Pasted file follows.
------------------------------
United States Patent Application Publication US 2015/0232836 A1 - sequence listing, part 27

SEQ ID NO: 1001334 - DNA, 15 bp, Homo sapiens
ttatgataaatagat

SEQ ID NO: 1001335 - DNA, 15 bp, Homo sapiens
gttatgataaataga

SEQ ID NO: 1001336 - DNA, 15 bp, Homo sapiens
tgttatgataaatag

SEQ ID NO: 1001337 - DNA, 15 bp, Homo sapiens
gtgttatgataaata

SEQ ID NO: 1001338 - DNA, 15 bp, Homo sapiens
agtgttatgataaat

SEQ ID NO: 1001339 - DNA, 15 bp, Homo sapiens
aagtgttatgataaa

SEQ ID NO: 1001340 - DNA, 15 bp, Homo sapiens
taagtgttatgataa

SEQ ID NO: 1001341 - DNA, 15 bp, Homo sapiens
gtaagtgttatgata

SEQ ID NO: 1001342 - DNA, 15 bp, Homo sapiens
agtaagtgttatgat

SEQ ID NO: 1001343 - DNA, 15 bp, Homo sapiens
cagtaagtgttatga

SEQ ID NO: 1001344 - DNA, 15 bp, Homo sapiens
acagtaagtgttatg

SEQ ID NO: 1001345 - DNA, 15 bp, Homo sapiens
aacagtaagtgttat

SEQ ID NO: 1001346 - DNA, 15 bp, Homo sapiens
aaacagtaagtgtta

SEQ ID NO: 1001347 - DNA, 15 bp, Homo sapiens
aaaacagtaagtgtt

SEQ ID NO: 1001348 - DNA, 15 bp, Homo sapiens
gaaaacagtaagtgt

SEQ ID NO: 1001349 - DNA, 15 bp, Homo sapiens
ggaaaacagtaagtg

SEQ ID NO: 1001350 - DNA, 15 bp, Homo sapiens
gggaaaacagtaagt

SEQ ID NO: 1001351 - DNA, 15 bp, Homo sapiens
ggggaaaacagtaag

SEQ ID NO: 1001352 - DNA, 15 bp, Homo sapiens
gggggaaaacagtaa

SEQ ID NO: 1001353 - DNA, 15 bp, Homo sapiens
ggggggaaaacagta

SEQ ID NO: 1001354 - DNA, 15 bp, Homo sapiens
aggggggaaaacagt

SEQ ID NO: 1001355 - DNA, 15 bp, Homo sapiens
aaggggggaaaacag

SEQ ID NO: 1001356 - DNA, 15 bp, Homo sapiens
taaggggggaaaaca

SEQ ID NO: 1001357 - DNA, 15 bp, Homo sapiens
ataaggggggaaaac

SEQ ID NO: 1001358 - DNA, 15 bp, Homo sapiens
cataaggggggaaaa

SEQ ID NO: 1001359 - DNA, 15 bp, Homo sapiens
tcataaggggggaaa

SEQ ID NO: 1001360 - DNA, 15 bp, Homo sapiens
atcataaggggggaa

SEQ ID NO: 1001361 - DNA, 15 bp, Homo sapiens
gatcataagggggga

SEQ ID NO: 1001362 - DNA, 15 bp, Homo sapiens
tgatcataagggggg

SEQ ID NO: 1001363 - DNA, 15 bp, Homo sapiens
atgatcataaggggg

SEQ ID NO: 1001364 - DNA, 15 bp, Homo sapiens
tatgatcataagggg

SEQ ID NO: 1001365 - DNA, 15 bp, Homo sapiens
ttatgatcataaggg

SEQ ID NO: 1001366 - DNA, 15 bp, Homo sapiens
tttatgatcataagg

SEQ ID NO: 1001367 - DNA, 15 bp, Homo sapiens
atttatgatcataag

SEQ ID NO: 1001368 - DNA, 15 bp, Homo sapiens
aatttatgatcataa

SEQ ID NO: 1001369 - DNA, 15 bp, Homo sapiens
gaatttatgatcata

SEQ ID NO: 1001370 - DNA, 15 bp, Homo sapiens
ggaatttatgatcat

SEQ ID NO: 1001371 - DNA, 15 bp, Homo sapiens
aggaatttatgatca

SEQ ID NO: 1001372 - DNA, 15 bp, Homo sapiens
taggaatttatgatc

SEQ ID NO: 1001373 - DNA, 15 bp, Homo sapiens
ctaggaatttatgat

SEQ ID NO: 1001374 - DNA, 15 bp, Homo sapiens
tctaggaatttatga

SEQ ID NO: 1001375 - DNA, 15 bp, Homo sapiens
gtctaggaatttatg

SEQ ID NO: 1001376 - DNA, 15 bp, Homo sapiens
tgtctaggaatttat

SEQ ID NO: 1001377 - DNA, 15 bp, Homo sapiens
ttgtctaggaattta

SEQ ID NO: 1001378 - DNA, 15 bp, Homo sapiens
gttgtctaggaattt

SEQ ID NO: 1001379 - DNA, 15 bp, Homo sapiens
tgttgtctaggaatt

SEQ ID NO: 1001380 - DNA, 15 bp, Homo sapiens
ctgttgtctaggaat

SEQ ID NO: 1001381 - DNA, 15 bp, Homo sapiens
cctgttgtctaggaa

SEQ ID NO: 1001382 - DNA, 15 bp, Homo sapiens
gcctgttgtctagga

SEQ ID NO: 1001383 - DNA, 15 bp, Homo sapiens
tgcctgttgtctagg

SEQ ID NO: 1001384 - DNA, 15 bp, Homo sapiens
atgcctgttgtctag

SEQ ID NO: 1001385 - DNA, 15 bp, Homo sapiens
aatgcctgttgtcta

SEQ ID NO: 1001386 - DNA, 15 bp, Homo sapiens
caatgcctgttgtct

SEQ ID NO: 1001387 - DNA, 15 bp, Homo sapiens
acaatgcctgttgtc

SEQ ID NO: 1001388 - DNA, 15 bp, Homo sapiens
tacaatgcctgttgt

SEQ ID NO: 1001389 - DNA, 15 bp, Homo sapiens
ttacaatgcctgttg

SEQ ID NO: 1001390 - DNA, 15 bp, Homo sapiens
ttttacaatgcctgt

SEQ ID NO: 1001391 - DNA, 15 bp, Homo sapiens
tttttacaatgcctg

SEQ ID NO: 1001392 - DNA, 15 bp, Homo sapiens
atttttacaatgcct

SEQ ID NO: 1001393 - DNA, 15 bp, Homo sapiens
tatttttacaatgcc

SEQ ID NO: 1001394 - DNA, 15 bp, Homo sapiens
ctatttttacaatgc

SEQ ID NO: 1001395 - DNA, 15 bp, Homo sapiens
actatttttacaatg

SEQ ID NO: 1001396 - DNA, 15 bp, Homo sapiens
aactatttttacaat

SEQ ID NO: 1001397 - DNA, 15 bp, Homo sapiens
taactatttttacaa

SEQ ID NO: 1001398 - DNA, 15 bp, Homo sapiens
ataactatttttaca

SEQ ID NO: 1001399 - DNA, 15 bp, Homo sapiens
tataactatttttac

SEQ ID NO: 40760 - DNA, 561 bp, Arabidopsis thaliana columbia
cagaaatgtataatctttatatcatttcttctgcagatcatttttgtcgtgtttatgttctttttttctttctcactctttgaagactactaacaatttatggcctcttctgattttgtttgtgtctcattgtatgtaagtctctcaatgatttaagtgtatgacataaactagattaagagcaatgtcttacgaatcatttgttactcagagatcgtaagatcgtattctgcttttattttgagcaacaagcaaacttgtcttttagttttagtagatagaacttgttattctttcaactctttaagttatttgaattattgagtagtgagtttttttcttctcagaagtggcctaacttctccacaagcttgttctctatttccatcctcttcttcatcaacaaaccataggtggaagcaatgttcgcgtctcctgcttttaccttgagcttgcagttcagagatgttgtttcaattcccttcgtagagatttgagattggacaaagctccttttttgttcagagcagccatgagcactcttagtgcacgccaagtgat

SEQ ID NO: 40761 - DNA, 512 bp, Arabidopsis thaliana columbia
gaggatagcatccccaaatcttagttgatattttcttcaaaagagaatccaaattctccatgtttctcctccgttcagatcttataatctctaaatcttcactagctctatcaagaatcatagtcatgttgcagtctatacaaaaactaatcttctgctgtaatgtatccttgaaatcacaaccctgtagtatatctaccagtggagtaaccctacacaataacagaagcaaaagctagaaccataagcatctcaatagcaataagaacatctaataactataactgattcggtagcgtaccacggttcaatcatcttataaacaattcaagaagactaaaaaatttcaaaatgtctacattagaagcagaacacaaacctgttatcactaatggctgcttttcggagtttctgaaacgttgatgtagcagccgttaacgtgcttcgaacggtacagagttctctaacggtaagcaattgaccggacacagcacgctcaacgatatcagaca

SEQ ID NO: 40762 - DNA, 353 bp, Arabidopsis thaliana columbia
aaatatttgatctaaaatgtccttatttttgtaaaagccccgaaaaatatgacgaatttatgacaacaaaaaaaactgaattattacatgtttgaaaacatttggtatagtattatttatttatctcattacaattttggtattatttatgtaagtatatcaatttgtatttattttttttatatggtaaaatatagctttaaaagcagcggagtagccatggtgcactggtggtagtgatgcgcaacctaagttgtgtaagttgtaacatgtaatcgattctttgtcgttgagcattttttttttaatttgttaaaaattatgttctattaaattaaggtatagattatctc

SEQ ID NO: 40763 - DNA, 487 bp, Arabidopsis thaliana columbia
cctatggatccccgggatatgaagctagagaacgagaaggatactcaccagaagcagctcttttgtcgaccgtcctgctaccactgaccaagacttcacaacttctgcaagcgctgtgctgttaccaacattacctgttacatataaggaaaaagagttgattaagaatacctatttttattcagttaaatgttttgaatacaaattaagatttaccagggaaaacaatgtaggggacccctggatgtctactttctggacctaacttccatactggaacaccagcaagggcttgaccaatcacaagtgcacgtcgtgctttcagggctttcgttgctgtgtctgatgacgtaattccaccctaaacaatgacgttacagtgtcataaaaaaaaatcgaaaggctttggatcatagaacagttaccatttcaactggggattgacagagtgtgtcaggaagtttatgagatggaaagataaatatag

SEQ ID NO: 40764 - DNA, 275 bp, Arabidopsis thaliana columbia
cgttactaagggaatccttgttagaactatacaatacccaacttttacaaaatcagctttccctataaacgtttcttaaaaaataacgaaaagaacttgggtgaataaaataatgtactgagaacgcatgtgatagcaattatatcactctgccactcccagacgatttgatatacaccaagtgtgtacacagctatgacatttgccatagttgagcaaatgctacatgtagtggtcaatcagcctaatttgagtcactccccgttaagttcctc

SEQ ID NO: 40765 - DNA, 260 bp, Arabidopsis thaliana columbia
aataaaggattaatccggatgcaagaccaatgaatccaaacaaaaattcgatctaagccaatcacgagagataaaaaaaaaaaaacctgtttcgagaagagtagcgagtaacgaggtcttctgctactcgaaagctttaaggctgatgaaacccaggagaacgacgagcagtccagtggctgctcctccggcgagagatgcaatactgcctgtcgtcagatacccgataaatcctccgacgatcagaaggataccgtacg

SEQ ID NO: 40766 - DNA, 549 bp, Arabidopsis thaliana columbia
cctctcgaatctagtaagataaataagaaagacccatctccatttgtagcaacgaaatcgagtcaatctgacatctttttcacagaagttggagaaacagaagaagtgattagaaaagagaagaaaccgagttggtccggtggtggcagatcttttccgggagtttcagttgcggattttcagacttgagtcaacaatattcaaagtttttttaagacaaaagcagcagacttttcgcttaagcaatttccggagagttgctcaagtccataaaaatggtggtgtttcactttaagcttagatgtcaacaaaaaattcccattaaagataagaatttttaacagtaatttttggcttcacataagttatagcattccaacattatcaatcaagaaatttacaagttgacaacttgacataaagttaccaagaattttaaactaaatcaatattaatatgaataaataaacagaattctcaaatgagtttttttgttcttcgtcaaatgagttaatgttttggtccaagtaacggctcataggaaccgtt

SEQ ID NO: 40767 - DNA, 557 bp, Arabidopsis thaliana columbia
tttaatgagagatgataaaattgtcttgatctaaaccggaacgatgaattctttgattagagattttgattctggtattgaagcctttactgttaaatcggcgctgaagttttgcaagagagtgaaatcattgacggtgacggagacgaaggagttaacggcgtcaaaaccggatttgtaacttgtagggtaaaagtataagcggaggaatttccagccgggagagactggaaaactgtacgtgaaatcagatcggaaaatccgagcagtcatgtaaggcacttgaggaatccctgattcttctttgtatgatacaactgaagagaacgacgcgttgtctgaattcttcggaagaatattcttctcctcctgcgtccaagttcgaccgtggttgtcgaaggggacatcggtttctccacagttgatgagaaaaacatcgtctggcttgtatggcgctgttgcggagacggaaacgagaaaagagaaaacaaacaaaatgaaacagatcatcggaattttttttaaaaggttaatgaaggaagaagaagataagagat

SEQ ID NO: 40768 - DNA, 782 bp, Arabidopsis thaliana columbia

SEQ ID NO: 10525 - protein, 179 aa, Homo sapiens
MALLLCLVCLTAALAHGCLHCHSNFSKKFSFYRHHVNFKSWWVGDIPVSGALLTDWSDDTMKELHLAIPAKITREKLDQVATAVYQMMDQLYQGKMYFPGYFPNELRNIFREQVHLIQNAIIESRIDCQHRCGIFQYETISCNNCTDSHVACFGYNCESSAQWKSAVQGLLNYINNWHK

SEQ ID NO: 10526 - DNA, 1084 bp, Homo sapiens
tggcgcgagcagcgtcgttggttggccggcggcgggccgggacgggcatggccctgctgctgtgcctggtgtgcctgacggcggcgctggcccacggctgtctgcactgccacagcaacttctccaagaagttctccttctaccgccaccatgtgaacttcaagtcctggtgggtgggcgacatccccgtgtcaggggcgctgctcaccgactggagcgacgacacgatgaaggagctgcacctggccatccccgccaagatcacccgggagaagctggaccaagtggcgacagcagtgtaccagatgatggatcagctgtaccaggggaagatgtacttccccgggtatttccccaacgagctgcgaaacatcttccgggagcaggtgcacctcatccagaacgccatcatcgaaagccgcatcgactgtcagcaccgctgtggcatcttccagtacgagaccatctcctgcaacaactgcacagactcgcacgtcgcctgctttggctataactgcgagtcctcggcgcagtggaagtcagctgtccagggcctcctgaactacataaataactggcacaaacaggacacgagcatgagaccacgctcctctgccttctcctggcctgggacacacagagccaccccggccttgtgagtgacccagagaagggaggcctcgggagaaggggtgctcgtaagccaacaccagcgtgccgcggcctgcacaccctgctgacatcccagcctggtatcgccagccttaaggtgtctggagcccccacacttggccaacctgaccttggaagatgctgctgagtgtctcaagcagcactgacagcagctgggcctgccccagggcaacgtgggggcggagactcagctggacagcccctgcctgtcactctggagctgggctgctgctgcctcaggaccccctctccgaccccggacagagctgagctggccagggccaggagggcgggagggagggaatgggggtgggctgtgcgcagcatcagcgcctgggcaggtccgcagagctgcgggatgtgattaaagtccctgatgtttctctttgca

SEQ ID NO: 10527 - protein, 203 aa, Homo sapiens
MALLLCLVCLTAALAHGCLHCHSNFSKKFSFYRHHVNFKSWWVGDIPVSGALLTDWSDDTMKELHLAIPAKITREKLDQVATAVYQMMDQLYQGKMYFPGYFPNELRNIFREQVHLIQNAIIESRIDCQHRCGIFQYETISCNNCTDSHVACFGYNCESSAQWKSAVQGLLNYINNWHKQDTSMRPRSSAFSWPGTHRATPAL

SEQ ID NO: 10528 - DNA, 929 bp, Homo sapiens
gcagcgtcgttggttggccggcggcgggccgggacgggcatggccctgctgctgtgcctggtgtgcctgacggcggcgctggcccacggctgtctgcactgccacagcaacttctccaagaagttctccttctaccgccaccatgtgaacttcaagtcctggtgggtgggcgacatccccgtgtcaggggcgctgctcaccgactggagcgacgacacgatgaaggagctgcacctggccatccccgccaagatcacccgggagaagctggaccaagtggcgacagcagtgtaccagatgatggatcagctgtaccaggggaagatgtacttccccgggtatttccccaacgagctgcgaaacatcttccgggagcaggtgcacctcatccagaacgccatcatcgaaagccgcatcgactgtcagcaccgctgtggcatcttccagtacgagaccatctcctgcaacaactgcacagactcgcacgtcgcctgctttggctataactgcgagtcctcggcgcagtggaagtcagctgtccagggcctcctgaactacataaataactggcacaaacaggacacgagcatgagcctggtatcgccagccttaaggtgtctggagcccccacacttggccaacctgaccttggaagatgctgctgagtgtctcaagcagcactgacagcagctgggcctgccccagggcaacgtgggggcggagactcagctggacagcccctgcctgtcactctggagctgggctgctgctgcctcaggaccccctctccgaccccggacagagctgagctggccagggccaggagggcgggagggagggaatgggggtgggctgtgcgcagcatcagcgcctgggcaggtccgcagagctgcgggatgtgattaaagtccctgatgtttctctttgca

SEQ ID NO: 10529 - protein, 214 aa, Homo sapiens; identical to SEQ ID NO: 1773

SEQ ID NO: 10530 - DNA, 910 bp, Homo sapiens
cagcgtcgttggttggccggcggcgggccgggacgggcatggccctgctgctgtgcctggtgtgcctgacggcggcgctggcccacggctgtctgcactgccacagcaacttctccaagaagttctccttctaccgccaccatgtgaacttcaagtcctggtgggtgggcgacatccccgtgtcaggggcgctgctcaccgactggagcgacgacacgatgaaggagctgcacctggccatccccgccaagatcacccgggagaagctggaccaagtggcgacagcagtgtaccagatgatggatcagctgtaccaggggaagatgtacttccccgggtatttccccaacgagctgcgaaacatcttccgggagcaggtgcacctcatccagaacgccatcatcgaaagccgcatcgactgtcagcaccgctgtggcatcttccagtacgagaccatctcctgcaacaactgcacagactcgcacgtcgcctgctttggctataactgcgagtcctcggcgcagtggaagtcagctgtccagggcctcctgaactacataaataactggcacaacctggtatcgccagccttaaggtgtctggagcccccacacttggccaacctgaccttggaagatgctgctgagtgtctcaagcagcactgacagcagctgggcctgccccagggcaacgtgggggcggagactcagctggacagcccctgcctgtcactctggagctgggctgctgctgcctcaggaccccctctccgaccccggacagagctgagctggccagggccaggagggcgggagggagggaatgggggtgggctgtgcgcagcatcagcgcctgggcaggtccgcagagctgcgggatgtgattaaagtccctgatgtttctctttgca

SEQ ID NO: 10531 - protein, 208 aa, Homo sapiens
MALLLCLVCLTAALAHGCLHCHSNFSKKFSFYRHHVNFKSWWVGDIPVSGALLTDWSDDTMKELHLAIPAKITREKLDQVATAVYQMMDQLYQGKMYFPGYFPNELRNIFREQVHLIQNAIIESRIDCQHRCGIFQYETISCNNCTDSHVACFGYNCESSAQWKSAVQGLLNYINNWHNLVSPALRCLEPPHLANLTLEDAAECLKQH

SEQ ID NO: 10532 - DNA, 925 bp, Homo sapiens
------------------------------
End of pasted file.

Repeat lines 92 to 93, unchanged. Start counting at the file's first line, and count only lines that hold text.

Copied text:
SEQ ID NO: 1001379 - DNA, 15 bp, Homo sapiens
tgttgtctaggaatt